TOPSHOT - South Africa's Akani Simbine (L) USA's Fred Kerley (C) and USA's Marvin Bracy cross the finish line in the men's 100m final during the World Athletics Championships at Hayward Field in Eugene, Oregon on July 16, 2022. (Photo by Jewel SAMAD / AFP)

When Fred Kerley snatched the world championship title after the sprint over 100 meters and his US teammates also took silver and bronze, the crowd went wild. The host country did not win three medals in the most important athletics competition for 31 years. The spectators at the Hayward Field Stadium in Eugene got their money’s worth on the second day of the competition at the first World Championships in the USA.

“It felt great,” said 27-year-old Kerley on Saturday evening (local time) after his success in 9.86 seconds. “It’s great to be able to do that on home soil with the support of the home crowd.” Most of them will probably only now learn about his remarkable story through the title.

People were immediately happy about the result and the prospects for the remaining races. With silver for Marvin Bracy and bronze for Trayvon Bromell, both of whom were timed in 9.88 seconds, and former world champion Christian Coleman as the fourth American in the final, the team’s confidence for the 4×100 meter relay is also huge.

Despite the blunders of the US quartet in recent years: “We will not be beaten by anyone. We’re putting in the work and we’re going to achieve great things in the coming days,” Kerley predicted.

He’s done it himself, regardless of how many more medals he’ll win at the inaugural World Championships on US soil. Because Kerley grew up in circumstances that are often labeled “difficult” from the outside: With his aunt Virgina, called Meme, because the father went to prison and the mother went on the wrong track, as he wrote in an article a few years ago years self-reported.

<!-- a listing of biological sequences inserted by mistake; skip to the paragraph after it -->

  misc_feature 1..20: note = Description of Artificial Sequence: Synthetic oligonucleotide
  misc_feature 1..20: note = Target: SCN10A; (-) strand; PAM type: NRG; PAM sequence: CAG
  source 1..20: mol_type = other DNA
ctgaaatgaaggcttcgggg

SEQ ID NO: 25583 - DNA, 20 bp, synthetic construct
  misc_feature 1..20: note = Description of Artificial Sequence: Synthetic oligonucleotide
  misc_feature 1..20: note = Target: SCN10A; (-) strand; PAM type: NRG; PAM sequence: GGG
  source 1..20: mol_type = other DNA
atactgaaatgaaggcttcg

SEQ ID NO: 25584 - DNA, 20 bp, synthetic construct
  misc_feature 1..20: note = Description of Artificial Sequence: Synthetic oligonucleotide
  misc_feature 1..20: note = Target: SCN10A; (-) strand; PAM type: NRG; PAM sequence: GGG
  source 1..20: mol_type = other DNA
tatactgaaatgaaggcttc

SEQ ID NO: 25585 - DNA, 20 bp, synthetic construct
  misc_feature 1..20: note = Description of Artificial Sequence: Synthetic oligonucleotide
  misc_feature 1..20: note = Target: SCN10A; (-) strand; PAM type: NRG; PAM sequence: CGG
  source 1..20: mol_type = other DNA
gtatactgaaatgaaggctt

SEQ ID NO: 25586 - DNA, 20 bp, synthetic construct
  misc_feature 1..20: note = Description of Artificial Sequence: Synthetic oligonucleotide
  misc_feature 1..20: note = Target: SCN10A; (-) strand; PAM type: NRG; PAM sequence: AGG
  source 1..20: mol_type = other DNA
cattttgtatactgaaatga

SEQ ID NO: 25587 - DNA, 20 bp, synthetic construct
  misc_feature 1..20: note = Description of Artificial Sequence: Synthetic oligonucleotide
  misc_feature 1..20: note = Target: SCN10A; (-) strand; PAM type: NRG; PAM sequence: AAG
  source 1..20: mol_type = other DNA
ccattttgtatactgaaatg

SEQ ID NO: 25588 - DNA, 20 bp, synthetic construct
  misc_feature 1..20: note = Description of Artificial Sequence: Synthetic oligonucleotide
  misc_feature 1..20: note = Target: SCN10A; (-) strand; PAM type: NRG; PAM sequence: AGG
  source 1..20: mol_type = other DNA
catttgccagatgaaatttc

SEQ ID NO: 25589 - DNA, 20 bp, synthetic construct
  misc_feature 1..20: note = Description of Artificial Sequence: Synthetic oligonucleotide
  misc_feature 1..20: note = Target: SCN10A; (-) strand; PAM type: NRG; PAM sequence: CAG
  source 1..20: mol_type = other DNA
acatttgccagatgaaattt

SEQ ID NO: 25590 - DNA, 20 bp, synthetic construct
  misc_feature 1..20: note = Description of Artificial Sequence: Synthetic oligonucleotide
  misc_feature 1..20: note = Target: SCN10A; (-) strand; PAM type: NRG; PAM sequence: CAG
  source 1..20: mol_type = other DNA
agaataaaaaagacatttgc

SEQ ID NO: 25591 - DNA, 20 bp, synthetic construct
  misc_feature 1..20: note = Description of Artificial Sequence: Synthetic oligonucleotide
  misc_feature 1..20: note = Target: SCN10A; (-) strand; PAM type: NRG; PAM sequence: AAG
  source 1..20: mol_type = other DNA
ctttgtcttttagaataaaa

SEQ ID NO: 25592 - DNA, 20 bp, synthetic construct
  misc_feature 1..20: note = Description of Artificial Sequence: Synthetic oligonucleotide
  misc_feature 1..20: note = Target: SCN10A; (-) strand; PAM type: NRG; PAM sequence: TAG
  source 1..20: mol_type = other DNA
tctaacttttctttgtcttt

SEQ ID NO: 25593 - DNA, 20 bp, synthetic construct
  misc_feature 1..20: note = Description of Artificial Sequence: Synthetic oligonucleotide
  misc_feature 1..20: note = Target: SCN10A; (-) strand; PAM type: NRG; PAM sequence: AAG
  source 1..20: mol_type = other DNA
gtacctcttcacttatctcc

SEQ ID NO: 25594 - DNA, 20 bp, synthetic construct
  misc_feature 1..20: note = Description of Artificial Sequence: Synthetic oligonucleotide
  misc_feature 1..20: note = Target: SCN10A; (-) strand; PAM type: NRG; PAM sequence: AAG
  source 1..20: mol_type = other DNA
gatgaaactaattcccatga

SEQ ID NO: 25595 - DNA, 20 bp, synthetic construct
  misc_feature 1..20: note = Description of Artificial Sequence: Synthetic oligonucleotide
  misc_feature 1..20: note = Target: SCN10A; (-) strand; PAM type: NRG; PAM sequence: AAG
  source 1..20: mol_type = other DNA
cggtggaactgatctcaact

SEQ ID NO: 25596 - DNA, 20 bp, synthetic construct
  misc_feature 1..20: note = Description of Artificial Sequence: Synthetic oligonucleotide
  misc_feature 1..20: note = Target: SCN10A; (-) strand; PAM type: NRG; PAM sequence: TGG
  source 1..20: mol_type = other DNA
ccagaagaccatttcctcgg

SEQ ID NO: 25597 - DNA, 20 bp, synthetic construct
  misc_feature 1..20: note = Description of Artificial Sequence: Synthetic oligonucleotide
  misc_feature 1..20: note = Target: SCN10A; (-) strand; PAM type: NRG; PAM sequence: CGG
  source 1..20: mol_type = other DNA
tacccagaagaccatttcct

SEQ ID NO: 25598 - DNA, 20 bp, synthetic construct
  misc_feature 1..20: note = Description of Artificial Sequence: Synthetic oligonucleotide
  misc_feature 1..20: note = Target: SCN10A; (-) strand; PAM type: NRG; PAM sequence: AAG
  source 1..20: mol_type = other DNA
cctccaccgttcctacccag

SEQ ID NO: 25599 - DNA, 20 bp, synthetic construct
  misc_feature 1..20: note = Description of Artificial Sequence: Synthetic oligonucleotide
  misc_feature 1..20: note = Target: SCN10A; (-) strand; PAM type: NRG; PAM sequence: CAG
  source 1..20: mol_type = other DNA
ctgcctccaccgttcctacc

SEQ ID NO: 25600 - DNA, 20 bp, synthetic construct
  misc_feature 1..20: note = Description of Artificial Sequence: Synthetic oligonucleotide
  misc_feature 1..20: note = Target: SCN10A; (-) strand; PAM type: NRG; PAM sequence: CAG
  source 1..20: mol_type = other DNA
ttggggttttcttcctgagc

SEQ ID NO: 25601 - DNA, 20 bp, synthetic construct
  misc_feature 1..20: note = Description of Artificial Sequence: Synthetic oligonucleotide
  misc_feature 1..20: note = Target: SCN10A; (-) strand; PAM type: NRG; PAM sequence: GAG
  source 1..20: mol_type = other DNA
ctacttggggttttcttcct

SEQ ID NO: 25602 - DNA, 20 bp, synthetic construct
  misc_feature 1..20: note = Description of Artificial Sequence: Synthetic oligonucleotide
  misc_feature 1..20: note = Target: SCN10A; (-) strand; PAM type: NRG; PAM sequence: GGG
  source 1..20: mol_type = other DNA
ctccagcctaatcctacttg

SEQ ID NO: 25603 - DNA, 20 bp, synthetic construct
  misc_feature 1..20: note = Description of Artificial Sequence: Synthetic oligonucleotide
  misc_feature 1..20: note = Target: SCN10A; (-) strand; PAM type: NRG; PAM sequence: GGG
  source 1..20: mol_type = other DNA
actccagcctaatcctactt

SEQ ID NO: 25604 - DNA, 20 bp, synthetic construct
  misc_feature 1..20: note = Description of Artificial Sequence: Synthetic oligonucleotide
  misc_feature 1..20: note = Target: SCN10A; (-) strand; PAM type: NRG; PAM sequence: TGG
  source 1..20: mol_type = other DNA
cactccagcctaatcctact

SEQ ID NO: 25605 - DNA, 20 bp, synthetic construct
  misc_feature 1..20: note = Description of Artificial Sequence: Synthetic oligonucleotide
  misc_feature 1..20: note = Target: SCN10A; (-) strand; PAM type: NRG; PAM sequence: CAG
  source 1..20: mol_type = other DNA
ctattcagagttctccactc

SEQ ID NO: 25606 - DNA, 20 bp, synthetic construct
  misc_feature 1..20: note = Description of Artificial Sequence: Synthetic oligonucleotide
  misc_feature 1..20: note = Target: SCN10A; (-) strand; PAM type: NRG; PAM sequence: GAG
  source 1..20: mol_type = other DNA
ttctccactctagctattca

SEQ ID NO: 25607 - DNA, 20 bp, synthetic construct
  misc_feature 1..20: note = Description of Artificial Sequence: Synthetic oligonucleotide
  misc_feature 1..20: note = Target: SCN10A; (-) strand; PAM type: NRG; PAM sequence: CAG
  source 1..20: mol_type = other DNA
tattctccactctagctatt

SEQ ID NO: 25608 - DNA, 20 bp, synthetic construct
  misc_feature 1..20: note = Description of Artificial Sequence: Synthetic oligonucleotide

A total of 13 children shared a room in the small town in the middle of Texas. “At the end of the day, it was like any other house: we wanted to have fun and have a good time,” he said. The text published three years ago shows how remarkable his own path is. In it he describes that all the failed existences in his immediate environment were the motivation to make something better out of his own life: “The difference was my attitude.”

Thanks to this, he now holds the unofficial title of fastest man in the world, at least until the World Championships in Budapest in a year. And because he only switched from the 400 meters to the short distance in the run-up to the Tokyo Olympics last year, his potential doesn’t seem to have been exhausted yet.

However, it is questionable whether he will ever be able to fill in the big footsteps of Usain Bolt, in which every world champion in the 100 meters is inevitably placed. Because both Bolt’s world record of 9.58 seconds from the 2009 World Championships in Berlin and the qualities of the Jamaican as an entertainer and star of the athletics scene seem out of reach for the rather taciturn Kerley.

“Usain Bolt is probably a role model for all of us. He has done great things. We all want to be on the podium and reach his level,” said Kerley. “He did something that not many have done: world records over 100 and 200. I have a feeling we all want to be on the same level as him.”